Thymic stromal lymphopoietin (TSLP) has been identified as starting the cascades of cytokines that result in the inflammation that underlies many cases of severe asthma. A review paper discusses how Tezspire inhibits TSLP and the evidence for its safety and efficacy in numerous clinical trials.
Severe asthma is asthma that can’t be controlled with inhaled corticosteroids, long-acting beta2 agonist (LABA), or both. Between 5% to 10% of people with an asthma diagnosis are in the severe asthma category. For them, the treatment is a growing number of biologics that home in on the cytokines that fuel the inflammatory cascades that underlie the disease.
But there is a problem in a zeroing in on a particular cytokine or two, argues a review paper published earlier this month in the Journal of Asthma and Allergy.
“Patients with severe asthma can have disease driven by multiple cytokines or exhibit variability in their cytokine profile, which may limit disease control by a single specific downstream anti-cytokine biologic,” wrote lead author Jane R. Parnes, executive medical director, medical sciences, at Amgen, and her colleagues.
The solution they discuss in their review involves traveling “upstream” to inhibition cytokine called thymic stromal lymphopoietin (TSLP) that researchers have identified as having a role in initiating cytokine cascades that make up the uncontrolled asthma that characterizes asthma. TSLP is produced by ciliated epithelial cells , mast cells, macrophages and endothelial cells, in Parnes and her colleagues description, and they do so in response to a variety of “insults”— allergens, viruses, bacteria, pollutants. Animals studies have shown, they say, have shown that TSLP is necessary and sufficient for development for type 2 inflammation that causes allergic and eosinophilic asthma.
Tezspire (tezepelumab), approved by the FDA in December 2021, is a biologic designed to inhibit TSLP and therefore block its downstream effects.
Parnes is an employee of Amgen, who developed and is marketing Tezspire along with AstraZeneca. Several of her co-authors are also Amgen or AstraZeneca employees and stockholders.
The review discusses the evidence from eight clinical trials of Tezspire that suggests that the TSLP inhibitors manages to stifle multiple inflammatory pathways. Parnes and her colleagues focus on the phase 2b PATHWAY trial and the pivotal Phase 3 NAVIGATOR trial, the results of which were published in the May 13, 2021, issue of the New England Journal of Medicine. The NAVIGATOR trial was a yearlong, double-blind, placebo-controlled trial that enrolled just over 1,000 adults and adolescents with severe, uncontrolled asthma. The primary endpoint was annualized rate of asthma exacerbations. Asthma exacerbations were defined as the use or an increased dose of systemtic glucocosteroids, an emergency department visit because of asthma or an asthma-related inpatient hospitalization. The results showed that Tezspire cut these asthma exacerbation events by half (56%) relative to the placebo.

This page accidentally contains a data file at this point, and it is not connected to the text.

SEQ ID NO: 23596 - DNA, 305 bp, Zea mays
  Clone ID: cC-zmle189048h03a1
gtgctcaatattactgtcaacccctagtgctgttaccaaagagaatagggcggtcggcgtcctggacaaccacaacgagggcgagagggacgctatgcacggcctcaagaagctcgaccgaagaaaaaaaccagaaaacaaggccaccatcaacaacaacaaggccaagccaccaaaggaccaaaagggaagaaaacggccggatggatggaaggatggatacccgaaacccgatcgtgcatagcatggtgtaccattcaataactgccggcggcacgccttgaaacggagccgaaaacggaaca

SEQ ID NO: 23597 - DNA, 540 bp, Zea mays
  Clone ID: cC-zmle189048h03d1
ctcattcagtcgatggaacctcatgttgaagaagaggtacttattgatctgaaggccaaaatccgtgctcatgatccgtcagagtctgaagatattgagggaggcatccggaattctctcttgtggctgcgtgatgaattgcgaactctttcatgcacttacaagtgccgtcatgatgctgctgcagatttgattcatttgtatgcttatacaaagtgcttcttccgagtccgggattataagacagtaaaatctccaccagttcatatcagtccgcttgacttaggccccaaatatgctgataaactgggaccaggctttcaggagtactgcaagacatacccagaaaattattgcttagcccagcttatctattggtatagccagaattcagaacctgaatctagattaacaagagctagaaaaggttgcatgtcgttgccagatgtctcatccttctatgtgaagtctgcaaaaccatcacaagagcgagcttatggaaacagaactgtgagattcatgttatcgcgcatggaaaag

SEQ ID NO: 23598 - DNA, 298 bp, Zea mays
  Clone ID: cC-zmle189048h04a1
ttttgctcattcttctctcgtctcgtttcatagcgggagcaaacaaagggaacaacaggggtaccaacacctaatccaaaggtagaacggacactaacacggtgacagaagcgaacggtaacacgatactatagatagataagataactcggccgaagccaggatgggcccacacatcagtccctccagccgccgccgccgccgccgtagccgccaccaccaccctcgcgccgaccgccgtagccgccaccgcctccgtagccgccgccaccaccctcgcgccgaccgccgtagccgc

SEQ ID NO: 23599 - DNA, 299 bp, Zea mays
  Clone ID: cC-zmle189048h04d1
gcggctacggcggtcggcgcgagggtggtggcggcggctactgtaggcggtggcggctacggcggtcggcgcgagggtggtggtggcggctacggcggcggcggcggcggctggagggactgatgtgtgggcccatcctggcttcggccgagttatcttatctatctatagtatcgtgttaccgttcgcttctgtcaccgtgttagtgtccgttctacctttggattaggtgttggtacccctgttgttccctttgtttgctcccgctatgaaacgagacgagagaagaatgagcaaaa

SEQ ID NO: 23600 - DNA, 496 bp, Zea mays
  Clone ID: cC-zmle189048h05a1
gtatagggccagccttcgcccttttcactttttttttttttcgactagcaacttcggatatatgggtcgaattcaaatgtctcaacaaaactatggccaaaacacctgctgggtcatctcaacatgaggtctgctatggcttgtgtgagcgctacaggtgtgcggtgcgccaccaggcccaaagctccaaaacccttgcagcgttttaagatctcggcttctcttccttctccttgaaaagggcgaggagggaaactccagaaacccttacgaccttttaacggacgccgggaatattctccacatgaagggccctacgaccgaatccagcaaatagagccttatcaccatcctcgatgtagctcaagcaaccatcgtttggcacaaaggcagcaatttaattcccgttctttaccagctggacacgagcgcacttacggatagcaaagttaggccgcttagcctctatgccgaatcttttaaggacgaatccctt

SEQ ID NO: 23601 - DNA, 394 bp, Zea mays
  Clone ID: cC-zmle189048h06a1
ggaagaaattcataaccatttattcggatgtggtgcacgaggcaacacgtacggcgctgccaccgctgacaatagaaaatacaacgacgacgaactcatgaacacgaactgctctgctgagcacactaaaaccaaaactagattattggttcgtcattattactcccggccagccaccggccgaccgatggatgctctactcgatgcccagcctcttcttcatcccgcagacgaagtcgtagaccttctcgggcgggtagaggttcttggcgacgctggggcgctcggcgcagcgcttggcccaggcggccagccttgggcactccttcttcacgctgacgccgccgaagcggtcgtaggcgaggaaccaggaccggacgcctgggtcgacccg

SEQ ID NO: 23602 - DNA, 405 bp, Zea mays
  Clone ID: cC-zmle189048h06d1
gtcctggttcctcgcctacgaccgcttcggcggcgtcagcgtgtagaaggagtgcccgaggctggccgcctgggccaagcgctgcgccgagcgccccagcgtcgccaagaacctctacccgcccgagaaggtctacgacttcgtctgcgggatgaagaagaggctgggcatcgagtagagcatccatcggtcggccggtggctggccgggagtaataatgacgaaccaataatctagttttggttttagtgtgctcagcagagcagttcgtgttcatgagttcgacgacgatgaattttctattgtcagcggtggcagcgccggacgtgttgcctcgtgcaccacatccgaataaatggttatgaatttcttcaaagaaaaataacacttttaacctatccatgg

Parnes and her fellow review article authors — which include Andrew Menzies-Gow, of the Royal Brompton and Harefield Hospitals in London and the principal investigator of the NAVIGATOR trial — note that one of the important features of the NAVIGATOR trial is that had equal number of patients with high (300 or more cells per microliter) and low (less than 300 cells per microliter) blood eosinophil counts.
In the study, Tezspire reduced AAER compared with placebo by 70% among those with high eosinophil level, by 41% among those with levels lower than 300 cells per microliter, and by 39% among those with eosinophil levels of less than 150 cells per microliter. They also parsed other subgroup analyses including those with and without allergies to perennial aeroallergens and those eligible for omalizumab treatment and so on.
“Together,” they wrote, “these results demonstrate that tezepelumab (they refer to the drug by its generic name) improves asthma outcomes in a broad range of patients with severe asthma, regardless if eosinophil count, FeNO (fractional exhaled nitric oxide), allergic status or omalizumab eligibility.”